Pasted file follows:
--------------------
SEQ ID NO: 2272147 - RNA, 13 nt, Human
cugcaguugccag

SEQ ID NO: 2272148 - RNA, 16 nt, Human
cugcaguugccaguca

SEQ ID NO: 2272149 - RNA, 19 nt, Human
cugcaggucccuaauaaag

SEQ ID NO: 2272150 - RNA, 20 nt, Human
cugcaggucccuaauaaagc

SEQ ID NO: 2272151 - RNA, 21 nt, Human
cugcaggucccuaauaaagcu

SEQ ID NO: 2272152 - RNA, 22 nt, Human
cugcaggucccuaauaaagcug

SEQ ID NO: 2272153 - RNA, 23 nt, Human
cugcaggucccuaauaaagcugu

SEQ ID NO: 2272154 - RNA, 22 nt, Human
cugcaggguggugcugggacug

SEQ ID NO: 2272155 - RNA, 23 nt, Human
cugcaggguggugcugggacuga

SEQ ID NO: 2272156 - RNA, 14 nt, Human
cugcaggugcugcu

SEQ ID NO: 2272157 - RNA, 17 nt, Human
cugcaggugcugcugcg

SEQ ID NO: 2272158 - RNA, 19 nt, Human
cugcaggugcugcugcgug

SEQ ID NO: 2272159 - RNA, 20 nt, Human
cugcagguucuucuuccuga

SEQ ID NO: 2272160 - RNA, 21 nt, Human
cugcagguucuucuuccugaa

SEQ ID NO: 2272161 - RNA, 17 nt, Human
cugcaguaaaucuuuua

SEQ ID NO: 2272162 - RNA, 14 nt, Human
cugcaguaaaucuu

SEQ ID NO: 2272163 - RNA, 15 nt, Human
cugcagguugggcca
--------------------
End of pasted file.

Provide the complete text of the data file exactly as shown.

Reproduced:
SEQ ID NO: 2272147 - RNA, 13 nt, Human
cugcaguugccag

SEQ ID NO: 2272148 - RNA, 16 nt, Human
cugcaguugccaguca

SEQ ID NO: 2272149 - RNA, 19 nt, Human
cugcaggucccuaauaaag

SEQ ID NO: 2272150 - RNA, 20 nt, Human
cugcaggucccuaauaaagc

SEQ ID NO: 2272151 - RNA, 21 nt, Human
cugcaggucccuaauaaagcu

SEQ ID NO: 2272152 - RNA, 22 nt, Human
cugcaggucccuaauaaagcug

SEQ ID NO: 2272153 - RNA, 23 nt, Human
cugcaggucccuaauaaagcugu

SEQ ID NO: 2272154 - RNA, 22 nt, Human
cugcaggguggugcugggacug

SEQ ID NO: 2272155 - RNA, 23 nt, Human
cugcaggguggugcugggacuga

SEQ ID NO: 2272156 - RNA, 14 nt, Human
cugcaggugcugcu

SEQ ID NO: 2272157 - RNA, 17 nt, Human
cugcaggugcugcugcg

SEQ ID NO: 2272158 - RNA, 19 nt, Human
cugcaggugcugcugcgug

SEQ ID NO: 2272159 - RNA, 20 nt, Human
cugcagguucuucuuccuga

SEQ ID NO: 2272160 - RNA, 21 nt, Human
cugcagguucuucuuccugaa

SEQ ID NO: 2272161 - RNA, 17 nt, Human
cugcaguaaaucuuuua

SEQ ID NO: 2272162 - RNA, 14 nt, Human
cugcaguaaaucuu

SEQ ID NO: 2272163 - RNA, 15 nt, Human
cugcagguugggcca